As manufacturers face a number of emerging challenges in 2015, manufacturing remains an attractive industry in the U.S. — particularly in aerospace manufacturing, which has taken flight over the last few years.
We’ve identified the latest need-to-know trends on aerospace manufacturing.
- The U.S. is emerging as a hotspot for aerospace manufacturing, according to ICF International. The research firm analyzed more than 2,000 investment transactions made over the past 15 years, and its data shows a strong flow into Brazil, Russia, India and China (BRIC) until 2012 before aerospace investment shifted towards the United States in the last three years.
“The U.S. at this point in time has become the hotspot in aerospace manufacturing,” Kevin Michaels, a vice president at ICF, said at the annual Pacific Northwest Aerospace Alliance conference earlier this year. “Comparative advantage is a fleeting thing. Three years ago it looked like everything was heading to China. Now, that’s changed.”
- Unmanned aerial vehicle (UAV) — or drone — manufacturers are poised to experience rapid growth. In 2014, drones flew for commercial use for the first time, landed on the White House lawn and helped Amazon deliver packages. While many remain unsure on whether mass production and usage is a major security concern, the technology is bound to disrupt a variety of industries, including agriculture and meteorology.
“Drones have proven adept at safely and effectively performing aerial surveys and can be an effective tool for the oil and gas industry,” says Melanie Hinton, spokeswoman for the Association for Unmanned Vehicle Systems International, the nation’s largest drone trade group. “The technology is quickly changing and it’s an exciting moment in the integration process.”
- More commercial aircraft manufacturers are increasing production sites. Keeping all production within the U.S. will reduce supply chain costs, increase quality and improve the long-term agility of production and supply chain operations.
Boeing, working to keep costs to a minimum, has cut back on what it outsources to make its new 787 Dreamliner, moving more of the production in-house. Meanwhile, rival Airbus along with investment from other foreign companies, is opening a production line plant in Alabama, creating 1,000 new jobs. The first new plane is expected to roll off the line in 2016.
The increase in demand in commercial airline manufacturing will place more pressure on every portion of the supply chain — which will become a challenge to manage total costs and forecasting.
- The U.S. is experiencing a demand for greener, smarter aircraft and greater automation in manufacturing. This exerts more pressure on aviation OEMs and suppliers to boost innovation and productivity while containing costs to maintain technological leads. By considering automation practices from other industries — such as automotive — and collaborating with emerging developers of technology, they can maintain a leading edge and diversify business.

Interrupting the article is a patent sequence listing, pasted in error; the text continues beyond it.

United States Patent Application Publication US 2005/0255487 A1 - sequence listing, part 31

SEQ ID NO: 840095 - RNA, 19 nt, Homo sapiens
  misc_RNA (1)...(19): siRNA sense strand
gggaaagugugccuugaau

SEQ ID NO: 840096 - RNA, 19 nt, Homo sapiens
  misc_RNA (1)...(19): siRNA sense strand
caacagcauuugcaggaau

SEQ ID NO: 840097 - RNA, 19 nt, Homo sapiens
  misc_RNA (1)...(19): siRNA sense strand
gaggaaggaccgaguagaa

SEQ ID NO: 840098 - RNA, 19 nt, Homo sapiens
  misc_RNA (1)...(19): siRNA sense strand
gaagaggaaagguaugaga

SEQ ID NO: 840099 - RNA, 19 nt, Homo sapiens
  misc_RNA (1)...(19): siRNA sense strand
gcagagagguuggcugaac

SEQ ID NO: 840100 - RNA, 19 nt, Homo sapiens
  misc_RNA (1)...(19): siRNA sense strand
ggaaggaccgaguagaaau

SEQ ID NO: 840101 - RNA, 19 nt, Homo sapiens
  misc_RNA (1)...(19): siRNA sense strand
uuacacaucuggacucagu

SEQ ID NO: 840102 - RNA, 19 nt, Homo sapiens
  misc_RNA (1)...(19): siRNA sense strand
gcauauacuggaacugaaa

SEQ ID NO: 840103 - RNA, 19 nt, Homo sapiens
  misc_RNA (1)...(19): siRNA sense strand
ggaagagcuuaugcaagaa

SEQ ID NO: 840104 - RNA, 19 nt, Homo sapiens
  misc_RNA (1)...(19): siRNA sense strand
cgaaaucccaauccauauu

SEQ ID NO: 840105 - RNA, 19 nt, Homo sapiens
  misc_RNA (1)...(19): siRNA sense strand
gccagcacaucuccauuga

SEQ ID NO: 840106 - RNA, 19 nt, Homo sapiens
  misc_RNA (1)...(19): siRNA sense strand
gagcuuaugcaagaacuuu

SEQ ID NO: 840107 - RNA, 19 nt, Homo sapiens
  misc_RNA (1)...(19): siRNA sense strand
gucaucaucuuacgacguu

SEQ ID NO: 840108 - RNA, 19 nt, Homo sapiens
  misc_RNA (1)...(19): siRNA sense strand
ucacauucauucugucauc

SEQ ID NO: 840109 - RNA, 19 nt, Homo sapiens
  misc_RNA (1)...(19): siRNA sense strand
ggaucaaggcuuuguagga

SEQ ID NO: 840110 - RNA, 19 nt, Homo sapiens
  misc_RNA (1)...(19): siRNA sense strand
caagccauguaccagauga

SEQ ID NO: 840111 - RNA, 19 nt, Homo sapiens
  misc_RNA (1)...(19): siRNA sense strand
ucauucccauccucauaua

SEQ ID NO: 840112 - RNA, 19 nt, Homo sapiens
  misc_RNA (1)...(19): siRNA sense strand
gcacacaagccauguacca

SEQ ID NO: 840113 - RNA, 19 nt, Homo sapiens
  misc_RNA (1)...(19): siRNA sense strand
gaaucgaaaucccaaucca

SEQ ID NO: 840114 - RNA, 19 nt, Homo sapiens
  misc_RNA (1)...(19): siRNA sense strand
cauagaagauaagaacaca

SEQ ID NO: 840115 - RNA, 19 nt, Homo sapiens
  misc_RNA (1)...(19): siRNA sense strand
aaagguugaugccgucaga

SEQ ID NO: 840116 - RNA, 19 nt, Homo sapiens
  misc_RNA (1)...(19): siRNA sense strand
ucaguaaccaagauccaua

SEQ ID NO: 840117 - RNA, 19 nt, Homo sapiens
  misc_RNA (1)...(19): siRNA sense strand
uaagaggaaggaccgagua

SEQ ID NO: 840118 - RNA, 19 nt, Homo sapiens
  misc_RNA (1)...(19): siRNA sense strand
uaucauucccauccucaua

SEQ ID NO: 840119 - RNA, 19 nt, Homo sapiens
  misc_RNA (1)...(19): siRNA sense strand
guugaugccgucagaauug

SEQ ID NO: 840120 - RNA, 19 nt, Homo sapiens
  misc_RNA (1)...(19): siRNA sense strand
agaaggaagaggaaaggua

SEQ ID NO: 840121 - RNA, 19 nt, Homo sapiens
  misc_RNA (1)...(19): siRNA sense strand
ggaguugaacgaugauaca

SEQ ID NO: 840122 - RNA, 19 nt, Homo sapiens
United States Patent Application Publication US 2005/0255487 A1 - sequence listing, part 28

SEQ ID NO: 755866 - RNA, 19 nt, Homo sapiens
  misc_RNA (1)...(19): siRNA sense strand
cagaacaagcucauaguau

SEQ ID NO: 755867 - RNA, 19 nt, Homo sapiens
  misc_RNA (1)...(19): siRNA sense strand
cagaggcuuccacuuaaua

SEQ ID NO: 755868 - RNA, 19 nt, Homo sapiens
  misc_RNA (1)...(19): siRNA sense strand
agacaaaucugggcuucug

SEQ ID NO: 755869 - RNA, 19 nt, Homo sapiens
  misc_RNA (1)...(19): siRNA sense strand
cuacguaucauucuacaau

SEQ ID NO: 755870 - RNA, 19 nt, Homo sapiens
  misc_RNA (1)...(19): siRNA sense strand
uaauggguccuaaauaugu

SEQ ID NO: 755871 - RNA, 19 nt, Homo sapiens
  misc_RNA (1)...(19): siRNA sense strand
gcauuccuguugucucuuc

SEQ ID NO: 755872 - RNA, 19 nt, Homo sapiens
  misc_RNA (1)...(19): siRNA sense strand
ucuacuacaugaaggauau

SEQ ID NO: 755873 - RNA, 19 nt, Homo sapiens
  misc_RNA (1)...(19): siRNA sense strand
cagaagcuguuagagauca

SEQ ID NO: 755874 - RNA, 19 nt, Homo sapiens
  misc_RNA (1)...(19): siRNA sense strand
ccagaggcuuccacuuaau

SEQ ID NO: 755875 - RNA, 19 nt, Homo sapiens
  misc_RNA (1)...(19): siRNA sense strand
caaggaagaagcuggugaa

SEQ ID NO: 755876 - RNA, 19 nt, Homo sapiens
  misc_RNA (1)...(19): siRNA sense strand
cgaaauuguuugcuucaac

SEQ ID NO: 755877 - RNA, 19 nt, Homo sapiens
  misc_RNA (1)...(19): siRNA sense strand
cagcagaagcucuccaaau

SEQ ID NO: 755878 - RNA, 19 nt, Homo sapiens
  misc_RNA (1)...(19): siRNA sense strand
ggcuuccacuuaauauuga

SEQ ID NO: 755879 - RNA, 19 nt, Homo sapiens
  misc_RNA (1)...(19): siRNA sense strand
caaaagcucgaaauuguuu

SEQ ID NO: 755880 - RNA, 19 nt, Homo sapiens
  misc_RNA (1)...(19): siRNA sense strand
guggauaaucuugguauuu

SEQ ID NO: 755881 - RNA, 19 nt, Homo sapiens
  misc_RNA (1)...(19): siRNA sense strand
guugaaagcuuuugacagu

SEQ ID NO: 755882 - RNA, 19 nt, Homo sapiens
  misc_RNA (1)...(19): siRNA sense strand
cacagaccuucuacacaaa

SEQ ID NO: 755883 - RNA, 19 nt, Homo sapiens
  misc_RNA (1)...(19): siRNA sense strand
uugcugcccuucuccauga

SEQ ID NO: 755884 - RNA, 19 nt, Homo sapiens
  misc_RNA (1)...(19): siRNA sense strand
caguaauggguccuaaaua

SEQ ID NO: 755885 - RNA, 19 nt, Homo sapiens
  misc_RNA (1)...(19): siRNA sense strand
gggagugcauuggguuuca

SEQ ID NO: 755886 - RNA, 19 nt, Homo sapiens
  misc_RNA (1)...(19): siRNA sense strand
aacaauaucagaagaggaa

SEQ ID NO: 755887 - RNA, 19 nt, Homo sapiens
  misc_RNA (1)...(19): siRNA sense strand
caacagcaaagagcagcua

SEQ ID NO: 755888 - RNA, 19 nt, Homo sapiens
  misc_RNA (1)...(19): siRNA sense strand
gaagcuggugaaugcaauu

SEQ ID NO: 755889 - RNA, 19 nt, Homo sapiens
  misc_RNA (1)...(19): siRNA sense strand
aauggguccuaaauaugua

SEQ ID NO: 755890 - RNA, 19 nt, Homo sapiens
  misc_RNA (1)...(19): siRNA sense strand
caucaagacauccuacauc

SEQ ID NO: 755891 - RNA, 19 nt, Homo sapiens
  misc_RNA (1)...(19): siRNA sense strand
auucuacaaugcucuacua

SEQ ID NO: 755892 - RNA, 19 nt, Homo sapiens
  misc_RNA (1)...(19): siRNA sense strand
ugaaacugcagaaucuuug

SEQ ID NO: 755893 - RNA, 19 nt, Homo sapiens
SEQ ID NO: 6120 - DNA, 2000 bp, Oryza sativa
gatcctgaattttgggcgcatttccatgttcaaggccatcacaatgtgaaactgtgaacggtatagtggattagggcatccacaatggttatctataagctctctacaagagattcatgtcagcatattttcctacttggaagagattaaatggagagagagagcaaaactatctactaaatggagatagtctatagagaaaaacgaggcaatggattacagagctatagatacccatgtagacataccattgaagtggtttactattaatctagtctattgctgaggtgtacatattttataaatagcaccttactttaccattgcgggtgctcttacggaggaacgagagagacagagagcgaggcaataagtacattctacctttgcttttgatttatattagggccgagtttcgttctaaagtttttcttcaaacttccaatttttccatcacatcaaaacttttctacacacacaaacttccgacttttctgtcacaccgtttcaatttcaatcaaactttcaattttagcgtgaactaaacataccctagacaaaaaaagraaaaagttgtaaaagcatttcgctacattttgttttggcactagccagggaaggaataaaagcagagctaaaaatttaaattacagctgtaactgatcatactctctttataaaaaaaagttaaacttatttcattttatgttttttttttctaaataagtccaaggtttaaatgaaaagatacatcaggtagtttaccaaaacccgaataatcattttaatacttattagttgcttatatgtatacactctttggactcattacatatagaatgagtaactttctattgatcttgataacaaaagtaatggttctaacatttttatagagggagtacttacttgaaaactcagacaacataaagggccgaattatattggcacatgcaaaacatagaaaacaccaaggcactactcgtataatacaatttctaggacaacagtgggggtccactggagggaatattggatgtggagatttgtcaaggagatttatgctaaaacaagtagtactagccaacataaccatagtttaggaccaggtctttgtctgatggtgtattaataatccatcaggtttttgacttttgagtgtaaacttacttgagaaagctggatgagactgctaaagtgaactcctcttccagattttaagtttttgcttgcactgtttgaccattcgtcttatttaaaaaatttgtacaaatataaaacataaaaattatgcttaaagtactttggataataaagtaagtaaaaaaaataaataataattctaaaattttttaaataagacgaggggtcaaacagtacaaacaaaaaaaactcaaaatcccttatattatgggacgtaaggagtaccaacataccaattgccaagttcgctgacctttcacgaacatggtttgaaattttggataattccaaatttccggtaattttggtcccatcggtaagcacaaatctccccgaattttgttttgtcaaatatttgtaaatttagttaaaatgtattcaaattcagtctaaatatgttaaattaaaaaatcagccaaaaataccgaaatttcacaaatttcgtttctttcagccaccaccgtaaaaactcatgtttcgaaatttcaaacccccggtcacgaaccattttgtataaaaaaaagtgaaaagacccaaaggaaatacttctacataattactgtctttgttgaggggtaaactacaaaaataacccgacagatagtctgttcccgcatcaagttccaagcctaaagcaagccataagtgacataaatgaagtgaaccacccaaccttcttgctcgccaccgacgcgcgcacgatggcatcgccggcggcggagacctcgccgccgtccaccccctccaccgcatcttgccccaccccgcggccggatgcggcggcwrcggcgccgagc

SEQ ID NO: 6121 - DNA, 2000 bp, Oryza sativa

Airbus and Boeing are in a long-haul race to market greener aircrafts with a new generation of long-range widebody twins with better fuel efficiency, lower operating costs and reduced noise and emissions — like Boeing’s newest long-distance jet, the 787 Dreamliner.
“The 787-10 Dreamliner will be the most efficient jetliner in history,” Raymond L. Conner, chief executive of Boeing’s commercial airline division, said at the plane’s introduction. “The 787-10 is 25 percent more efficient than airplanes of its size today and more than 10 percent better than anything being offered by the competition for the future.”
- Aerospace manufacturing has rebounded in the U.S. with more than $25 billion in investments since 2012. By having all manufacturing done in the same proximity, companies are reducing the costs associated with overseas shipping. Florida, for example, has five major aircraft facilities, military bases, hundreds of aerospace defense companies and tens of thousands of potential employees with experience in aerospace work.
- 75,000 new U.S. manufacturing jobs resulted from reshoring alone. According to the Reshoring Initiative, the shift back to the U.S. first has to do with cost. It used to be cheaper to manufacture outside the U.S.; now the costs are converging.
Due to major investments in automation, information technology and education in the U.S., an American worker may have 10 to 12 times the output of a Chinese worker.
“Another reason to manufacture in America involves lead times,” notes Thomas Roemer, executive director of the MIT Leaders for Global Operations program. “With services like Amazon Prime, consumers are accustomed to delivery within one or two days, if not the same day. Offshore manufacturers need to store disproportionately large amounts of inventory to accommodate these expectations.”
What other trends will impact the aerospace industry? We’d love to hear your thoughts. Connect with us on Twitter @AppleRubber